One woman of about 60 told me she was an avid runner and had never suffered serious injury. Her secret? Never run more than ten miles. “But it’s wonderful that you’re doing the marathon,” she added quickly. “I wish I had.”

One former runner I met at a party was waxing enthusiastic about running until his wife appeared. “Tell her why you stopped running,” she said. He smiled sheepishly and said nothing. “He broke both his legs,” she said, matter-of-factly, taking a sip of her drink.


The good news is that if you can make it through your marathon years without killing or maiming yourself, you’ll be better off down the road. In a definitive study conducted at the Stanford University School of Medicine, researchers compared the physical health of serious runners 50 years and older and their sedentary counterparts over eight years. Their finding: “Older persons who engage in vigorous running and other aerobic activities have lower mortality and slower development of disability than do members of the general population." According to the study, running is particularly beneficial to women of a certain age. This is a heartening conclusion, especially given that the study came out in 1994, just a decade after women finally persuaded the powers that be that running would not “ruin” them and were permitted – for the first time – to compete in an Olympic marathon.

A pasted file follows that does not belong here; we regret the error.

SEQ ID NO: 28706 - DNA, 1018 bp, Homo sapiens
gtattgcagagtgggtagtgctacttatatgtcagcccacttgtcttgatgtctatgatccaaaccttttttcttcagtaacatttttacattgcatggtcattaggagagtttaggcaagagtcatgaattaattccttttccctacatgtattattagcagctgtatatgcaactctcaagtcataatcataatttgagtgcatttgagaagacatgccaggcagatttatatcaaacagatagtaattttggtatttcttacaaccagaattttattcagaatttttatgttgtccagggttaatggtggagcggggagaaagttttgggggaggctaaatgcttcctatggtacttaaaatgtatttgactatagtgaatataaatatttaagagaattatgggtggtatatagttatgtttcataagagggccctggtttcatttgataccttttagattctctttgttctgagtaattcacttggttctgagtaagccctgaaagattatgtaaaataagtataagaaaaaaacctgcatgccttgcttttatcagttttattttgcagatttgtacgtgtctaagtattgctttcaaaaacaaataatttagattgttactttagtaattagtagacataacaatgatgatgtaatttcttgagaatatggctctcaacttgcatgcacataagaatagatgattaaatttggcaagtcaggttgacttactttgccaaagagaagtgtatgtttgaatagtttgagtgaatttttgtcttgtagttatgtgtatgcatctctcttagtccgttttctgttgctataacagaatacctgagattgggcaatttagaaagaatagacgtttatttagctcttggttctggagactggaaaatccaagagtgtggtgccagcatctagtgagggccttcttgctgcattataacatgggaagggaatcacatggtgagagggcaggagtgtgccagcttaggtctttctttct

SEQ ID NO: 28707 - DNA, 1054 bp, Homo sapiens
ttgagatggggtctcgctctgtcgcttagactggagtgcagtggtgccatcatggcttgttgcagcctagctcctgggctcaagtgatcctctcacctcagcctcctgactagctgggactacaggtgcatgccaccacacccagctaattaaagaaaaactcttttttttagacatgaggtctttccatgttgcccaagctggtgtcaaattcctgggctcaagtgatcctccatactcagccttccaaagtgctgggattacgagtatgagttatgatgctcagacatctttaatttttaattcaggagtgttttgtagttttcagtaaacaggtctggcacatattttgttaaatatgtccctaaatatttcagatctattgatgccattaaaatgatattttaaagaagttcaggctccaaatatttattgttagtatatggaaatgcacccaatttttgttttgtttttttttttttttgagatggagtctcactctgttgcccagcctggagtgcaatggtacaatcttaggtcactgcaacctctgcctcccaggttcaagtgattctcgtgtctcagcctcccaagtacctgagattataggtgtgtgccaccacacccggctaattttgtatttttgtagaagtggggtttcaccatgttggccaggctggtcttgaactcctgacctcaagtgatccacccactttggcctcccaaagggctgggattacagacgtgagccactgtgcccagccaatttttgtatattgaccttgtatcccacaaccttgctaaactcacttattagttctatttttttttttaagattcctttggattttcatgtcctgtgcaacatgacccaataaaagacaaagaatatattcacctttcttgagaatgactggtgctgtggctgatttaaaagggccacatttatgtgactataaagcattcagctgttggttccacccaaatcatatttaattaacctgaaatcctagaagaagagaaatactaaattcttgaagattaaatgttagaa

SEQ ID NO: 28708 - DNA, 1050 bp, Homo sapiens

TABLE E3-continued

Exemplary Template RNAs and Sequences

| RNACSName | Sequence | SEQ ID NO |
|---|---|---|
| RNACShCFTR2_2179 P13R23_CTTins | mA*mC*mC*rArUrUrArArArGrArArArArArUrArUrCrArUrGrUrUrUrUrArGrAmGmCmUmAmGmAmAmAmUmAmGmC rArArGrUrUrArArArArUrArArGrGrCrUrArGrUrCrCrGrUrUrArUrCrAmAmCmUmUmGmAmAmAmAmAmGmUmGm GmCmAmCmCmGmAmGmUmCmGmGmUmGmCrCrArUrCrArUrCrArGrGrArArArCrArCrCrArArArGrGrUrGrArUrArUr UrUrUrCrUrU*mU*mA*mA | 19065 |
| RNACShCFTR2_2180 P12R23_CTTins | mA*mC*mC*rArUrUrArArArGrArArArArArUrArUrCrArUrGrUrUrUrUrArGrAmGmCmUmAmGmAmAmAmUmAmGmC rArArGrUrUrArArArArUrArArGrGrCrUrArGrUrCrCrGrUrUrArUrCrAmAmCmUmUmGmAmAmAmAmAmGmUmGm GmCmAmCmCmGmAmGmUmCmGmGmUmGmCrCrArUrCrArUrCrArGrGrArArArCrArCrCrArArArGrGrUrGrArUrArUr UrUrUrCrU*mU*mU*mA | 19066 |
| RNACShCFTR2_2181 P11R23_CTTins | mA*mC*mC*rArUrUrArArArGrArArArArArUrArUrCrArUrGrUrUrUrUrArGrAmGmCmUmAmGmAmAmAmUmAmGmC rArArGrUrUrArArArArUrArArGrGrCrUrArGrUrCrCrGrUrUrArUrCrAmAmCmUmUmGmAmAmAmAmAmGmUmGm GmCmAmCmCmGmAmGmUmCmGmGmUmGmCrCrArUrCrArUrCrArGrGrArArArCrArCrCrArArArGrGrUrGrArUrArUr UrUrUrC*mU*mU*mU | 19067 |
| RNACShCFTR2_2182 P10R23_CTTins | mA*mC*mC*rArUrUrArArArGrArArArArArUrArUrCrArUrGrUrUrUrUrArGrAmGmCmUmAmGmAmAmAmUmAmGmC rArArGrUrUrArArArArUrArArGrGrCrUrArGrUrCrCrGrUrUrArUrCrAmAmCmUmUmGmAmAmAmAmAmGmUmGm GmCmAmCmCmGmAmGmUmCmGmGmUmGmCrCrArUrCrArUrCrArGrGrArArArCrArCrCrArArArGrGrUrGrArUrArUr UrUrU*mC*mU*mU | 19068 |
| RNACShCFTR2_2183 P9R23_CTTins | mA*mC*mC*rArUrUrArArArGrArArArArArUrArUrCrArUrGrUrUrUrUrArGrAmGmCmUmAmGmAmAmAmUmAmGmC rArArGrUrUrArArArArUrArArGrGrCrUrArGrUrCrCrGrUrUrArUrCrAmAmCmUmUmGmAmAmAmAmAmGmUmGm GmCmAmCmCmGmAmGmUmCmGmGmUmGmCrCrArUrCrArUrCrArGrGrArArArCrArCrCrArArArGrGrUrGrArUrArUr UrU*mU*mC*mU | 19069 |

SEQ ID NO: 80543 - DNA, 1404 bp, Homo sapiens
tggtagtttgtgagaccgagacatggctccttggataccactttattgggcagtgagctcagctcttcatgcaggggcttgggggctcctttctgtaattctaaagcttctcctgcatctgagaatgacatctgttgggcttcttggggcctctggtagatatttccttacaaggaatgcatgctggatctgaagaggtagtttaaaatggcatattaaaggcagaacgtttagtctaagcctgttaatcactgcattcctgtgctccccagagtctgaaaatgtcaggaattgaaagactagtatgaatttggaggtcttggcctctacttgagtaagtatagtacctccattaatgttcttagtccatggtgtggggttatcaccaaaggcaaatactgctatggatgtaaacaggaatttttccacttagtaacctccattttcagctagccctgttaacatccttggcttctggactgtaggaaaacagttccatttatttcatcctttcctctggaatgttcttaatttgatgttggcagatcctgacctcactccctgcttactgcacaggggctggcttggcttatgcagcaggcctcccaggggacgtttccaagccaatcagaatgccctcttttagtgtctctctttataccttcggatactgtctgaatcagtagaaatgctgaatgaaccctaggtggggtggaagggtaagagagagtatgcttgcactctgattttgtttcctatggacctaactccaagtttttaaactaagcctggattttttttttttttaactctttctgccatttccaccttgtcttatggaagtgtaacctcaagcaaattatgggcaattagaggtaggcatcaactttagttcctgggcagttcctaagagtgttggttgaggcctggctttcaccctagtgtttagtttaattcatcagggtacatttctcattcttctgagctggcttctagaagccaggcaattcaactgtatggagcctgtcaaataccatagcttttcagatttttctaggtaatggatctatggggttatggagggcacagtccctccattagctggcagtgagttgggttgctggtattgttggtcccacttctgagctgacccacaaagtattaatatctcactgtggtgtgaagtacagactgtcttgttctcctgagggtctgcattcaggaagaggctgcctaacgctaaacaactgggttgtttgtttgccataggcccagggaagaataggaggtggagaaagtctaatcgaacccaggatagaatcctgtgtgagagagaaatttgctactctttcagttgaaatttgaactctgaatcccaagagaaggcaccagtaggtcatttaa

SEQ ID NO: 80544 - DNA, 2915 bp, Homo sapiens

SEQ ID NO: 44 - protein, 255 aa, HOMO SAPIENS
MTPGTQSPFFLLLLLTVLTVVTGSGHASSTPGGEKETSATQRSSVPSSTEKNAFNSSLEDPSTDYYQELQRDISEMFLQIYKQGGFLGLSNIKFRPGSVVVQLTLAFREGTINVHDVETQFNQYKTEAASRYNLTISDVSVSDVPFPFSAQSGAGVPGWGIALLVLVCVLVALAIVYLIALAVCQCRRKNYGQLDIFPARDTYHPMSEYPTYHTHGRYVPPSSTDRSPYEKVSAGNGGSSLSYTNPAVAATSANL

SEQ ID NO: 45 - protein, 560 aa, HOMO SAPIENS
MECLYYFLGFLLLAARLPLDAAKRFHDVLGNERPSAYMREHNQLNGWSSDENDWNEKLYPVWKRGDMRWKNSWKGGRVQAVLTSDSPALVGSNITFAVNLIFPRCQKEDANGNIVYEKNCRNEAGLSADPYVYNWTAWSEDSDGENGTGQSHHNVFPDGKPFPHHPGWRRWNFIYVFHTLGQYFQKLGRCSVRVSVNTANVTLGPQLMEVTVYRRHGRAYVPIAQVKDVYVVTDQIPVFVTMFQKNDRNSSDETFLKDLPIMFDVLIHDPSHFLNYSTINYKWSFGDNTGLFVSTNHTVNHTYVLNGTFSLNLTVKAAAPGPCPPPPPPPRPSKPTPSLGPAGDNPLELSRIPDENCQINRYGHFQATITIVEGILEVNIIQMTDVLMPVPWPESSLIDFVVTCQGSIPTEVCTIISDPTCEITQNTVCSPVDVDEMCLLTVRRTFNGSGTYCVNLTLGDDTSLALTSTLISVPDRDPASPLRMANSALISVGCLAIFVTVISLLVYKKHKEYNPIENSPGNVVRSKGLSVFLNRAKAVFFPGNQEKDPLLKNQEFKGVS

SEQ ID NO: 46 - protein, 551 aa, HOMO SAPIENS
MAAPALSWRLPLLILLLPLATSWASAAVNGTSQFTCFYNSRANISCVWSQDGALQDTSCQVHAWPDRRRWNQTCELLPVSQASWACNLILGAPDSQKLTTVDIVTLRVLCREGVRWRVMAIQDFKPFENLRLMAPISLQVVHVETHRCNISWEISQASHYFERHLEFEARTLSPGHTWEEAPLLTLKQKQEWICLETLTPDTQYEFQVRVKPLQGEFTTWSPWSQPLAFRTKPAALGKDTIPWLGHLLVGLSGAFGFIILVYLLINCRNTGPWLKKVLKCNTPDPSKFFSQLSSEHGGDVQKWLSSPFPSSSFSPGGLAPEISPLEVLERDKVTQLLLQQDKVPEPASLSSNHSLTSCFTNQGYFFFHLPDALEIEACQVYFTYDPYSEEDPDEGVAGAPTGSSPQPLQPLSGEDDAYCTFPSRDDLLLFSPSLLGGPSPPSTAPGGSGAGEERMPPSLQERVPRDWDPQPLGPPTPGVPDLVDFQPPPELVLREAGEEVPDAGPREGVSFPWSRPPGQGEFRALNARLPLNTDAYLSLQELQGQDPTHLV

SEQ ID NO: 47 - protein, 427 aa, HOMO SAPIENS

Good to keep this in mind, for inspiration, as I shuffle along my extremely non-Olympic way.

I was going to stop there, but it seems only fitting that an essay on marathons, injury and death should end with Pheidippides. His famed run from Marathon to Athens, to announce the victory of the Greeks over the Persians, was a mere 25 miles. Not much for a professional runner, a man who ran hundreds of miles at a stretch, carrying messages to and fro.

In this rendering of his fate, as imagined by Robert Browning, we see the ultimate intertwining of sacrifice and exaltation.

He flung down his shield,

Ran like fire once more: and the space 'twixt the Fennel-field

And Athens was stubble again, a field which a fire runs through,

Till in he broke: "Rejoice, we conquer!" Like wine thro' clay,

Joy in his blood bursting his heart, he died, the bliss!

2:41 PM Sunday, October 12 2008 • Link •